Researchers at Stanford University set to out to determine if vegetables could become more appealing if their name, just their title changed. To find out the answer, the scientists staged an experiment in the university’s cafeteria, which revealed that people do, in fact, chose dishes with tempting names more than straightforward titled ones.
The study was conducted over a six weeks period and was staged in a dining hall at the Stanford University. Each day, the hall served up one of their vegetable-based dishes during lunch. Nothing was added or taken from either their preparation method or display. Instead, the labels describing the serving got a mix-up. For each meal, the research team randomly selected one of four descriptions.
The first is the basic presentation, and a second one is the “healthy restrictive” variant. This is alternated with a “healthy positive” description or an indulgent one. For example, for a butternut squash, they would either name it as such or go for “butternut squash with no added sugar” or “antioxidant-rich butternut squash” for the healthy variants. The indulgent title was “twisted garlic-ginger butternut squash wedges.”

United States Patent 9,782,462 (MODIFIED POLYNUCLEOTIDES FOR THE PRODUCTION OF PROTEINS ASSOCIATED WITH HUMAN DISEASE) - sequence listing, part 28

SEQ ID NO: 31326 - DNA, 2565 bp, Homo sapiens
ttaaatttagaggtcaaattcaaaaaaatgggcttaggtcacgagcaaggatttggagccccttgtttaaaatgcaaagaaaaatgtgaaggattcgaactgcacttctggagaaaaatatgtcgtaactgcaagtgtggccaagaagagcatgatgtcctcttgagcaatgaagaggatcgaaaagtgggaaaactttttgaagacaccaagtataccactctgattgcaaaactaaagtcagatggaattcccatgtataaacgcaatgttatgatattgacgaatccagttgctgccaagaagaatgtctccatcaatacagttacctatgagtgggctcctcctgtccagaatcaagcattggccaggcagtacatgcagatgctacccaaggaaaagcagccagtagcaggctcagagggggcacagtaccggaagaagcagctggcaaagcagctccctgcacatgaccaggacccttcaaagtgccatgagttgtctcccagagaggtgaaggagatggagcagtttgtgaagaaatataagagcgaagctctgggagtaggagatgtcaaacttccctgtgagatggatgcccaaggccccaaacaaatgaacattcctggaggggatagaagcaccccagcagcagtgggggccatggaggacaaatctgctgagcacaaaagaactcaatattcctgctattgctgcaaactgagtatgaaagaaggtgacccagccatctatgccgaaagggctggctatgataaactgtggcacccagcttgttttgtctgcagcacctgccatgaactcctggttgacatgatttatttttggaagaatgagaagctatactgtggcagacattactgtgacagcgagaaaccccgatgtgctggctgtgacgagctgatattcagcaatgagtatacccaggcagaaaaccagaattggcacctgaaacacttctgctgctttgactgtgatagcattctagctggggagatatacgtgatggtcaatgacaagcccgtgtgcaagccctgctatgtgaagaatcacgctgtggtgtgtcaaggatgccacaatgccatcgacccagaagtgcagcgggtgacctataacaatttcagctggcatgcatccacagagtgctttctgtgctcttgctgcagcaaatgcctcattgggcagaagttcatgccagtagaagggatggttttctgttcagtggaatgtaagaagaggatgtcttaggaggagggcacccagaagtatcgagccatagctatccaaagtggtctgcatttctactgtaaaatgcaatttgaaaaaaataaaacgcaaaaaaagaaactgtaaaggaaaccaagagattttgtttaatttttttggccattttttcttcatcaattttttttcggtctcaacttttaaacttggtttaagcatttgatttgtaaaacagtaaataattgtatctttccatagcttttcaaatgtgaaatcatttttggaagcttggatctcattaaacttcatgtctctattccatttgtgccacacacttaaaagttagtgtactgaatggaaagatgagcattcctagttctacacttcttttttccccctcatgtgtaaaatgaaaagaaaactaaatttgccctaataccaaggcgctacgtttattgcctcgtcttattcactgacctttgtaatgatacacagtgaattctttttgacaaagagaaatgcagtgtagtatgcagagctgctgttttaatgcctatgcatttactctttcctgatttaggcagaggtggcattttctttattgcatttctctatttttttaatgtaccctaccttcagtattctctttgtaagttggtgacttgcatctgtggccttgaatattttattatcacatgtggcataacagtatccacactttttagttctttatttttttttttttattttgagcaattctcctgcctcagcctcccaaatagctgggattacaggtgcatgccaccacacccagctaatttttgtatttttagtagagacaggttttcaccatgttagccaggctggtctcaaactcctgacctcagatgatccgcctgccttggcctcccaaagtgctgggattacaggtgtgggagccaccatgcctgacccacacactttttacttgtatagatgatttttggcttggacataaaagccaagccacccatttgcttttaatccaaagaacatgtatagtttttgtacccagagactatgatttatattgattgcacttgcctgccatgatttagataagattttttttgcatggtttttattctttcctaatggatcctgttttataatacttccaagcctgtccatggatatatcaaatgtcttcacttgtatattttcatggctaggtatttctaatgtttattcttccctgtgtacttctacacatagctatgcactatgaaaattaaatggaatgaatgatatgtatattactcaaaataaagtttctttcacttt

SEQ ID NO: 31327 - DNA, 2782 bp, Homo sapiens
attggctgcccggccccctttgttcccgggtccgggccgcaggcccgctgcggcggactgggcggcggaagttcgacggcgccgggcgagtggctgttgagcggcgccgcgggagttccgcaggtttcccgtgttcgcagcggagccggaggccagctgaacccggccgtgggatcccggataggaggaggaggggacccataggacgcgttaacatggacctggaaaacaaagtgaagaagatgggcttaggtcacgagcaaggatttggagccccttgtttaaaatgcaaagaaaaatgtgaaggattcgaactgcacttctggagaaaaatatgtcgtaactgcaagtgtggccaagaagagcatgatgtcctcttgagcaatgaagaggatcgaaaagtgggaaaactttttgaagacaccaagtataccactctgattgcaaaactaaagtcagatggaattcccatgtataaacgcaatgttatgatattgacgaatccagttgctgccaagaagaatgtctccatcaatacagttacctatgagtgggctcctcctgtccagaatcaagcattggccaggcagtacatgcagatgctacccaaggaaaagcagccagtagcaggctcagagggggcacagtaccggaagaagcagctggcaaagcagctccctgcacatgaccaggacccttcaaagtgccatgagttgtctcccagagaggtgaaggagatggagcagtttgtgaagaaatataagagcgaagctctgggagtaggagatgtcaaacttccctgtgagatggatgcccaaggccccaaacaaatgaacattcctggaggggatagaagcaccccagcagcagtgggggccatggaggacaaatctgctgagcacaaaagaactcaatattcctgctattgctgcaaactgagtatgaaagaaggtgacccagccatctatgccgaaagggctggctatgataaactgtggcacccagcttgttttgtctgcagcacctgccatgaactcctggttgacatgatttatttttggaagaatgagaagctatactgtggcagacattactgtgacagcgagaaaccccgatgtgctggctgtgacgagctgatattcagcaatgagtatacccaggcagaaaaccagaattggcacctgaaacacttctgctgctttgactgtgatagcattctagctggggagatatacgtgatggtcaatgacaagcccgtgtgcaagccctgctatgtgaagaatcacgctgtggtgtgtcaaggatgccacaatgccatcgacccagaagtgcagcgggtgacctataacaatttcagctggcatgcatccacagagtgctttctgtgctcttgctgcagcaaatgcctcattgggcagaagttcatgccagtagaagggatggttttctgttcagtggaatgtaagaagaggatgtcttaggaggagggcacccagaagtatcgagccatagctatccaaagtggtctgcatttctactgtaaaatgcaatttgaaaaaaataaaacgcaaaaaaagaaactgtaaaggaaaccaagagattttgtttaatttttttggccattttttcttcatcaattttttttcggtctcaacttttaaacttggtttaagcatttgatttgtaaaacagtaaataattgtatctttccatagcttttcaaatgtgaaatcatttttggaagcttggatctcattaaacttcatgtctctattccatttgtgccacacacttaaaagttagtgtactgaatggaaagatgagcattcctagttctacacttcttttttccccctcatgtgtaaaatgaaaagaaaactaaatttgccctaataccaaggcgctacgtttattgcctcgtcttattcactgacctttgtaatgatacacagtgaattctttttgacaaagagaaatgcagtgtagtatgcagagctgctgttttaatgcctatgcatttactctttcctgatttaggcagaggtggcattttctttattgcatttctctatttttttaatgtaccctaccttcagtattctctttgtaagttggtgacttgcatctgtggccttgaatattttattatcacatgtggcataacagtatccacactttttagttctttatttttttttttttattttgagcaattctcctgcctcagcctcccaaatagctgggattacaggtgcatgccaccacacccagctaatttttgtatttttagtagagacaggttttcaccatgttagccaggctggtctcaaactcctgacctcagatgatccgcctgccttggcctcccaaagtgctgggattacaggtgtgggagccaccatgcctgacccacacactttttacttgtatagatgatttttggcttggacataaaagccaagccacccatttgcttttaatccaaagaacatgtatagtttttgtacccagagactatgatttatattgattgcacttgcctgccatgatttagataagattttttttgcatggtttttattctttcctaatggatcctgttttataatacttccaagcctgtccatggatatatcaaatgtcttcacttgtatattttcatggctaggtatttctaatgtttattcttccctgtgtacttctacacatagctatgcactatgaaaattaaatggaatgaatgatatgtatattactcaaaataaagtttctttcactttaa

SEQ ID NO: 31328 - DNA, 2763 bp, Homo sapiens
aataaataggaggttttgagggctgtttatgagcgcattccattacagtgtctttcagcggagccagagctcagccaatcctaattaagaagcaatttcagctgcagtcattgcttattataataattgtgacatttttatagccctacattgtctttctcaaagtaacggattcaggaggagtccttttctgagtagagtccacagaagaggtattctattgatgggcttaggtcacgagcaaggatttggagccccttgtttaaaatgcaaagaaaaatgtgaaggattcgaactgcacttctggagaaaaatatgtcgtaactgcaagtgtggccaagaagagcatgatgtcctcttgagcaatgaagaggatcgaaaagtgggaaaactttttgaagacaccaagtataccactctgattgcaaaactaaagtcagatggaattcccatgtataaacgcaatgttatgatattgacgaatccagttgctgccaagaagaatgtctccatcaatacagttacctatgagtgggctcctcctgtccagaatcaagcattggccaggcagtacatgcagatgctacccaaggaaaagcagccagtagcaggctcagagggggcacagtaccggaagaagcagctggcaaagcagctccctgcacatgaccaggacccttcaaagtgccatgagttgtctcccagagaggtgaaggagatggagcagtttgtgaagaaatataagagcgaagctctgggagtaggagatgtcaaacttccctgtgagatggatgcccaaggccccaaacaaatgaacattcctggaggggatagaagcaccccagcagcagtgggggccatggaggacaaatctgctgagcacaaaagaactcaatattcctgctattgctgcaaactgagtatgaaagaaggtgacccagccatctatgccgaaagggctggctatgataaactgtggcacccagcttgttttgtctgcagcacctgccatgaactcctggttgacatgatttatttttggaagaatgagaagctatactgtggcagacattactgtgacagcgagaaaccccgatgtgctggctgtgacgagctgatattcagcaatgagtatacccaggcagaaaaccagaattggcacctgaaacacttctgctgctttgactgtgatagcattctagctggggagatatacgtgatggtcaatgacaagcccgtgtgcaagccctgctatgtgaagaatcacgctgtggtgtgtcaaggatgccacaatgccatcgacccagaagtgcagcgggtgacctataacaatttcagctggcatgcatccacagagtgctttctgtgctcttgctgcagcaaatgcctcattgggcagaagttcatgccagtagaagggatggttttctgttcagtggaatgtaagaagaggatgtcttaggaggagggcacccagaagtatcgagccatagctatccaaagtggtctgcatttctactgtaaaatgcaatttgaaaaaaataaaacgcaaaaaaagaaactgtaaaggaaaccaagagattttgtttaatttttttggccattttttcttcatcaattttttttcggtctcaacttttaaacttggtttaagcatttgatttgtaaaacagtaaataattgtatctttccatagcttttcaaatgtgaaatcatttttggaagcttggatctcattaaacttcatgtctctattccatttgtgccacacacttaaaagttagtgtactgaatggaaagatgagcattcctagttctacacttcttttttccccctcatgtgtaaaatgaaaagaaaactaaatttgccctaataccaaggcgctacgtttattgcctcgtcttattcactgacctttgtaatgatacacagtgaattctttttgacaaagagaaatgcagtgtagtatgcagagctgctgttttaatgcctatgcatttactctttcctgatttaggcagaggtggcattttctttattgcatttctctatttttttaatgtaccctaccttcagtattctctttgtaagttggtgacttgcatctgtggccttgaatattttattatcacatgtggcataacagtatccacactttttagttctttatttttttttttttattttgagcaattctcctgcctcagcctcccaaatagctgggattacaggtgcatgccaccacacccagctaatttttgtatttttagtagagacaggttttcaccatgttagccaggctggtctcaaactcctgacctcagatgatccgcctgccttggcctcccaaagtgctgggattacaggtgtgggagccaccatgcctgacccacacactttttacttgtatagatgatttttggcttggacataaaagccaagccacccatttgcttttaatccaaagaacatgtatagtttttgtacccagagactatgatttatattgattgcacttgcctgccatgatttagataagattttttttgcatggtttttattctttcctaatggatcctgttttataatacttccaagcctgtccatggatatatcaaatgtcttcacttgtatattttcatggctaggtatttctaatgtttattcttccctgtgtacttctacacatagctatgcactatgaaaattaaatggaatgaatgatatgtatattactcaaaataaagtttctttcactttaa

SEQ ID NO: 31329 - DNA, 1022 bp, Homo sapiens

Tempting Names Elicit More Attention and A Higher Consumption
During each lunch period, the research team secretly recorded how many people chose which variant of the dish. At the same time, they also weighed how much of it was left after the lunch had ended, as compared to when this began.
Study results showed that the tempting names, ‘reigned supreme’. Out of the almost 28,000 diners, over 8,000 chose a vegetable dish across the experiment’s duration. On average, more people chose a veggie serving when this was given an indulgent title when compared to the other three variants.
In contrast, using the healthy restrictive description generated the least interest among diners from all the variants. At the same time, people that chose dishes with tempting names also ate more vegetables when compared to the other options.
According to results, an enticing name can “significantly increased the number of people choosing vegetables and the total mass of vegetables consumed compared with basic or healthy descriptions, despite no changes in vegetable preparation,” state the researchers.
The researchers noted that they were unable to actually determine how much of the food taken in a serving was actually eaten. Research results are available in a paper in the JAMA Internal Medicine.
Image Source: Flickr